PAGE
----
Credit Lines as Insurance: Evidence from Bangladesh

Job Market Paper

Abstract: In the absence of insurance markets, theory suggests that households can use credit to protect themselves against adverse income shocks. However, in many developing countries access to credit in the aftermath of shocks is scarce as negatively affected households are frequently denied loans. In this paper, I test whether a new financial product that offers guaranteed credit access after a shock allows households to insure themselves against risk. To this end, I run a large scale RCT involving 300,000 subjects in Bangladesh with one of the country’s largest microcredit institutions. Microfinance clients were randomly pre-approved for loans that are made available in the event of local flooding. I show that this unique type of microcredit improves household welfare through two channels: an ex-ante insurance effect where households increase investment in risky production and an ex-post effect where households are better able to maintain consumption and asset levels after a shock. I also document that households value this product, taking costly action to preserve their guaranteed access. Importantly, extension of this additional credit improves loan repayment rates and MFI profitability, suggesting that this product can be sustainably extended to households already connected to microcredit networks.

The Impact of Monitoring Technologies on Contracts and Employee Behavior: Experimental Evidence from Kenya’s Matatu Industry

(with Erin Kelley and David Schönholzer)

Abstract: Agency theory suggests that moral hazard in employer–employee contracting constrains firm profits. We use a randomized controlled trial to empirically evaluate how information and communication technologies (ICT) can mitigate moral hazard and enable firms to design more efficient contracts which increase profits and engender business growth. Specifically, we study a fleet of 255 minibuses (matatus) in Nairobi, Kenya, where we introduce monitoring devices that track real-time vehicle location, daily productivity, and safety statistics. We randomize whether minibus owners have access to these monitoring data through a novel mobile app. The information we provide to owners in the treatment group allows them to observe a more precise signal of driver effort, the amount of revenue collected in fares, and the extent to which the driver engages in damaging driving. We find that this information treatment allows vehicle owners to modify the terms of the contract by decreasing the rental price they demand. Drivers respond by exerting more effort, decreasing behavior that damages the vehicle, and under-reporting revenue by less, leading to an overall increase in firm profitability and facilitating investments in additional buses. Finally we investigate whether these gains to the company come at the expense of passenger safety, which is already at risk in an industry with frequent accidents. While we do not find any evidence that conditions deteriorate, offering detailed information on driving behavior also does not improve safety. Only by incentivizing drivers through an additional cash treatment do we detect safety improvements.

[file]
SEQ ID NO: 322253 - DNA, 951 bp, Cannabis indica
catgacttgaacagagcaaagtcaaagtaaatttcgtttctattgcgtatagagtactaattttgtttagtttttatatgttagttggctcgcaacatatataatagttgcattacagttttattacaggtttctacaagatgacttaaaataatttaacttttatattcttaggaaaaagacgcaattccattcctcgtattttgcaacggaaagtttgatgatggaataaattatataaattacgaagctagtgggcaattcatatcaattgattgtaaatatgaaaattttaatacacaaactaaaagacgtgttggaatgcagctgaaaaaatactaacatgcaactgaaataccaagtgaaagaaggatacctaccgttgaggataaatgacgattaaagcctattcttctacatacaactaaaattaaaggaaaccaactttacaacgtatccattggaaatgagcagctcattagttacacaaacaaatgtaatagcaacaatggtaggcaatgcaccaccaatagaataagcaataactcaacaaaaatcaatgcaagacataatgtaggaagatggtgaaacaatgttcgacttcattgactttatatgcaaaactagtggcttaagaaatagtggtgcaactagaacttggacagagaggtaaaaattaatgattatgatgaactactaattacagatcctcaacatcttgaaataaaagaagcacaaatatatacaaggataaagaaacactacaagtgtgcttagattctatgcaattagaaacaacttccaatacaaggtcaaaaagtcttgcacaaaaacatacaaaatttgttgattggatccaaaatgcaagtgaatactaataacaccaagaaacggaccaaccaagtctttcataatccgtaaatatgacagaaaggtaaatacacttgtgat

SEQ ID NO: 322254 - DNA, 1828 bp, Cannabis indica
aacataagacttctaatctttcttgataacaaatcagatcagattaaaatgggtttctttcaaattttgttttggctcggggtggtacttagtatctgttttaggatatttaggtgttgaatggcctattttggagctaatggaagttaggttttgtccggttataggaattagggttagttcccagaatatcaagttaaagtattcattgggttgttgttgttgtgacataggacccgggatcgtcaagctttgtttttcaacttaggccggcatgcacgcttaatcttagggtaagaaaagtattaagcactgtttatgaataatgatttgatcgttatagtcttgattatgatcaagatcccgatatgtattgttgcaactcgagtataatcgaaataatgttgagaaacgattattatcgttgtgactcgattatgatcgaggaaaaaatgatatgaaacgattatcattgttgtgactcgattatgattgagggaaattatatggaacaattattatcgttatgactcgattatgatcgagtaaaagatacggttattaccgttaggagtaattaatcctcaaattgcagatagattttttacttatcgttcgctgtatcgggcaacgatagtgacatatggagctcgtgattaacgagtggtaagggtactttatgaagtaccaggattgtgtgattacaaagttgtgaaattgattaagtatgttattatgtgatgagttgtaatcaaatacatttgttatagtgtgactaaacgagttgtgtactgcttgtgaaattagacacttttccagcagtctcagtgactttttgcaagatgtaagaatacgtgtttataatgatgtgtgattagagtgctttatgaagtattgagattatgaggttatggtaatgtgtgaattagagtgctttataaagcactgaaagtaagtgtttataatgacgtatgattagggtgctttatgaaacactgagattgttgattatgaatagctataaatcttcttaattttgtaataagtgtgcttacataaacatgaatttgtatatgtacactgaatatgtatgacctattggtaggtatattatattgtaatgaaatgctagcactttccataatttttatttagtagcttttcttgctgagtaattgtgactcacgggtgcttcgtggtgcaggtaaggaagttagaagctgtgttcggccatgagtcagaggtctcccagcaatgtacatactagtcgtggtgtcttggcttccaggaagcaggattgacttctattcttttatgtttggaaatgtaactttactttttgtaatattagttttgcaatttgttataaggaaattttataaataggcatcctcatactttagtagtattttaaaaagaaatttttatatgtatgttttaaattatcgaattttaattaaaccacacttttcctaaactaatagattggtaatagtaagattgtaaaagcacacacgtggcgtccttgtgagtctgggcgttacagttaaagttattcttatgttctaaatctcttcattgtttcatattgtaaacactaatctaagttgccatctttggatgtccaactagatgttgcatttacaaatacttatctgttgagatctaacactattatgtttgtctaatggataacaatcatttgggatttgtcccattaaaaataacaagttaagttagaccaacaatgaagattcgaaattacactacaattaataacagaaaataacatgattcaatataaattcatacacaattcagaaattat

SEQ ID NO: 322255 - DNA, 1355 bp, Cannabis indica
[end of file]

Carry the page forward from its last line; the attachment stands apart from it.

Works in Progress